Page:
On Friday (27 October) the pair spoke to reporters from a US Navy base in southern Japan.
“We knew we weren’t going to make it,” Jennifer Appel said. “So that’s when we started making distress calls. We were hoping that one of our friends who likes to go deep sea fishing and taking people out might have gone past the 400-mile mark and might have cruised near where we would be.”
Appel and Fuiava said they survived for five months thanks to the extra supplies of food and water they had taken with them. However, they shared them with their two dogs and soon they found themselves running out of things to eat and drink.
“When I saw the gray ship on the horizon, I was just shaking,” said Appel “I was ready to cry, I was so happy. I knew we were going to live.”
Appel’s yacht, 50 foot Sea Nymph, has been abandoned at sea but she hopes it will be found and she will be able to repair it.
The woman has been sailing around the Hawaiian Islands for 10 years, however Tasha Fuiava had no sailing experience prior to their ill-fated trip.
The incident seems to have left the women undeterred and according to Appel they plan to do the same sailing trip again next year.
“We still never got to see the 20,000 islands, so I think that would be the most fantastic trip for May of next spring,” she said.
Jennifer Appel and Tasha Fuiava from Honolulu were sailing from Hawaii to Tahiti with their dogs Zeus and Valentine, when they lost their engine. The two women tried to carry on sailing, but ended up getting lost at sea for 5 months
They were rescued by the US Navy on Wednesday (25 October) after a Taiwanese trawler spotted them about 900 miles south-east of Japan and alerted the US coast guard. USS Ashland were on the scene the next day.
Appel and Fuiava had been lost at sea since 30 May. They had tried to make distress calls but they were too far out to sea and the signals were not picked up on land. There were no nearby craft to detect the calls at sea either.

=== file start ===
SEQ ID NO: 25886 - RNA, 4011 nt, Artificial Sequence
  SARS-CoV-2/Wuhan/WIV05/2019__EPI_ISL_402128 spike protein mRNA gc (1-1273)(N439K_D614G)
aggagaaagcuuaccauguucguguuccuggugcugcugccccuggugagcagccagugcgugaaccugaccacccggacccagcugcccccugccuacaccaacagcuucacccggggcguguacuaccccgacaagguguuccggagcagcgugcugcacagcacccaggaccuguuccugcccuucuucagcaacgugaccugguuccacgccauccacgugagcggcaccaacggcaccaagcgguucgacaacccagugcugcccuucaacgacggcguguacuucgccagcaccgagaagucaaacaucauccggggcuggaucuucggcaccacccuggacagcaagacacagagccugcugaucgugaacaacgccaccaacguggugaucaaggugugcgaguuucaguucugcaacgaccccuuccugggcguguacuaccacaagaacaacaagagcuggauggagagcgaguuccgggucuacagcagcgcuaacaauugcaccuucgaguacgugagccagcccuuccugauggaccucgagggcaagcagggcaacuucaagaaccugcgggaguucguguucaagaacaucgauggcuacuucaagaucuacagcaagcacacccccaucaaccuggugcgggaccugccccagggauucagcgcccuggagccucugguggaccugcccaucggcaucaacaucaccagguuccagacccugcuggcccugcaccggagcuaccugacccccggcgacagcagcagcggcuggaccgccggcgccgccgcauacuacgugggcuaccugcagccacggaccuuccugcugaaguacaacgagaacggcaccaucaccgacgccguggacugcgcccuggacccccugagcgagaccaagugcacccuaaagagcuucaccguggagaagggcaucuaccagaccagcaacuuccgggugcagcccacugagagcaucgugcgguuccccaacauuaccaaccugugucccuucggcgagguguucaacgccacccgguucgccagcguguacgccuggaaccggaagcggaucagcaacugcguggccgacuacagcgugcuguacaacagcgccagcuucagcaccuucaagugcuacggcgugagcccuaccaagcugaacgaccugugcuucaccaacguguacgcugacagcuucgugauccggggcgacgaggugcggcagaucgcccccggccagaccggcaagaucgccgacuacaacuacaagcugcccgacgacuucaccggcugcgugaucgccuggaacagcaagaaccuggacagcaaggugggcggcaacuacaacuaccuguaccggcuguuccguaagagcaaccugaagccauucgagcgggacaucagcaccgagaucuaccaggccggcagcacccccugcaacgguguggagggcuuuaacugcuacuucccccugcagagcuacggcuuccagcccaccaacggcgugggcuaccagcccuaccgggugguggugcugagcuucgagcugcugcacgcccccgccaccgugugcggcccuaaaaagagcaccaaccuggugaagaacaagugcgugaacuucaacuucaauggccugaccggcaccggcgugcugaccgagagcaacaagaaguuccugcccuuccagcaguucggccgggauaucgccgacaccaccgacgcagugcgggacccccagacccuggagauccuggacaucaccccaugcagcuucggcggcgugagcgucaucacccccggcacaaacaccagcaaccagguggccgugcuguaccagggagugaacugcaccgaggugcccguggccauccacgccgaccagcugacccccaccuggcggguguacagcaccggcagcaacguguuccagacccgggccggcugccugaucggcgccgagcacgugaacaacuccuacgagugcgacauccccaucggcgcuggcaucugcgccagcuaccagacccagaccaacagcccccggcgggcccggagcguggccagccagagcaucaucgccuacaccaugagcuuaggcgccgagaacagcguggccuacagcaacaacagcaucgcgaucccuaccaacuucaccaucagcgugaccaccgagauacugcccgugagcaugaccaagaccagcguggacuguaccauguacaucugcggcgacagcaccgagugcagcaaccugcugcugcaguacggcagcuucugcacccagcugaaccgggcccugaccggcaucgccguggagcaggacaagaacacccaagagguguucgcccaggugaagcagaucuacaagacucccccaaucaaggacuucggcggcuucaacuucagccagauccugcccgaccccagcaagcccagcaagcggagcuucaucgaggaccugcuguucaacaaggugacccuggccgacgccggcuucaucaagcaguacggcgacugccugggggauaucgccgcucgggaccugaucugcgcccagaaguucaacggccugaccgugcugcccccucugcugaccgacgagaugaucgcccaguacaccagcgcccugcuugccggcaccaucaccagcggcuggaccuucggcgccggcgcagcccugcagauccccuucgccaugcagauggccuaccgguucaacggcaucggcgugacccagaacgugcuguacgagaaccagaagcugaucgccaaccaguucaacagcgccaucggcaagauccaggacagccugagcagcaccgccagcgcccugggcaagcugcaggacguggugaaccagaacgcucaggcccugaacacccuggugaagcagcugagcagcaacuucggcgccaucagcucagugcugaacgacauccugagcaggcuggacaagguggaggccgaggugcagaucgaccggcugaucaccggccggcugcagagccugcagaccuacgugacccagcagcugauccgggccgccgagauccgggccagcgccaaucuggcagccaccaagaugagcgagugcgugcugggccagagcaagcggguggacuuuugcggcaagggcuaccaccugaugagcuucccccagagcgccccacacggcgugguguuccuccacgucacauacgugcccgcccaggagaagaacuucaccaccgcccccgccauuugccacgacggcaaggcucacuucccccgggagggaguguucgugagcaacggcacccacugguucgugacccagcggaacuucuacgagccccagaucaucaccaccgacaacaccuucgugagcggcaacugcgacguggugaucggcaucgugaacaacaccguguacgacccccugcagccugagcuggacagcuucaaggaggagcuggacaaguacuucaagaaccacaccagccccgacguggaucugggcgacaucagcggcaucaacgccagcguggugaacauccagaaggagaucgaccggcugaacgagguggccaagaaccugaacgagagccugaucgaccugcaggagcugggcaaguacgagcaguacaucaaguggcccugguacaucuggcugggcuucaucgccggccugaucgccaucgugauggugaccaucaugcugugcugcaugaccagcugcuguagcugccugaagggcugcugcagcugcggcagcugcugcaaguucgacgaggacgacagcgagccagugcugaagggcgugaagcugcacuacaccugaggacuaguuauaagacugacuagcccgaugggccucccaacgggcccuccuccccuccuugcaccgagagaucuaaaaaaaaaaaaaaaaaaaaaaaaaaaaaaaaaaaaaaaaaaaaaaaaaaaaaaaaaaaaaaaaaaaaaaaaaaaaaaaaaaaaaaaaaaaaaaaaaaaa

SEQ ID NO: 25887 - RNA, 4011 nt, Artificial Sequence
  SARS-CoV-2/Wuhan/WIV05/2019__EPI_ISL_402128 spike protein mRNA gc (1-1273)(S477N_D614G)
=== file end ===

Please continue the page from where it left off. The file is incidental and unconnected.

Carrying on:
The two women survived thanks to the water and supplies they had packed, which were intended to last a year.
Appel said, upon being rescued: “They saved our lives, the pride and smiles we had when we saw [USS Ashland] on the horizon was pure relief.”
Appel and Fuiava were given medical treatment, food and a place to sleep aboard USS Ashland.
“The US navy is postured to assist any distressed mariner of any nationality during any type of situation,” Cmdr Steven Wasson, the commanding officer of the USS Ashland, saying.
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On Thursday morning Jennifer Appel called her mother, after not speaking to her for the entirety her five months ordeal, The Guardian reports.
Jennifer Appel left for her trip on her yacht Sea Nymph on 3 May, her mother said, but soon after the two women weren’t able to speak because Jennifer Appel’s phone was lost overboard the first day she was at sea.
“Various things on her boat broke, the mast broke and the engine wouldn’t start when she needed power. So she had several problems that caused her to end up drifting in the ocean,” Jennifer Appel’s mother Joyce said.
Joyce alerted the authorities 10 days after her daughter left for Tahiti. “The Coast Guard, in Hawaii, did a search and rescue effort,” she said.
The Guardian says that during that time Joyce Appel moved house and had a new phone number and worried her daughter may not be able to reach her. “I waited and waited and waited to see when I would hear from her. I knew she didn’t even know the phone number here,” she said.
“I had hope all along, she is very resourceful and she’s curious and as things break she tries to repair them, she doesn’t sit and wait for the repairman to get there, so I knew the same thing would be true of the boat.”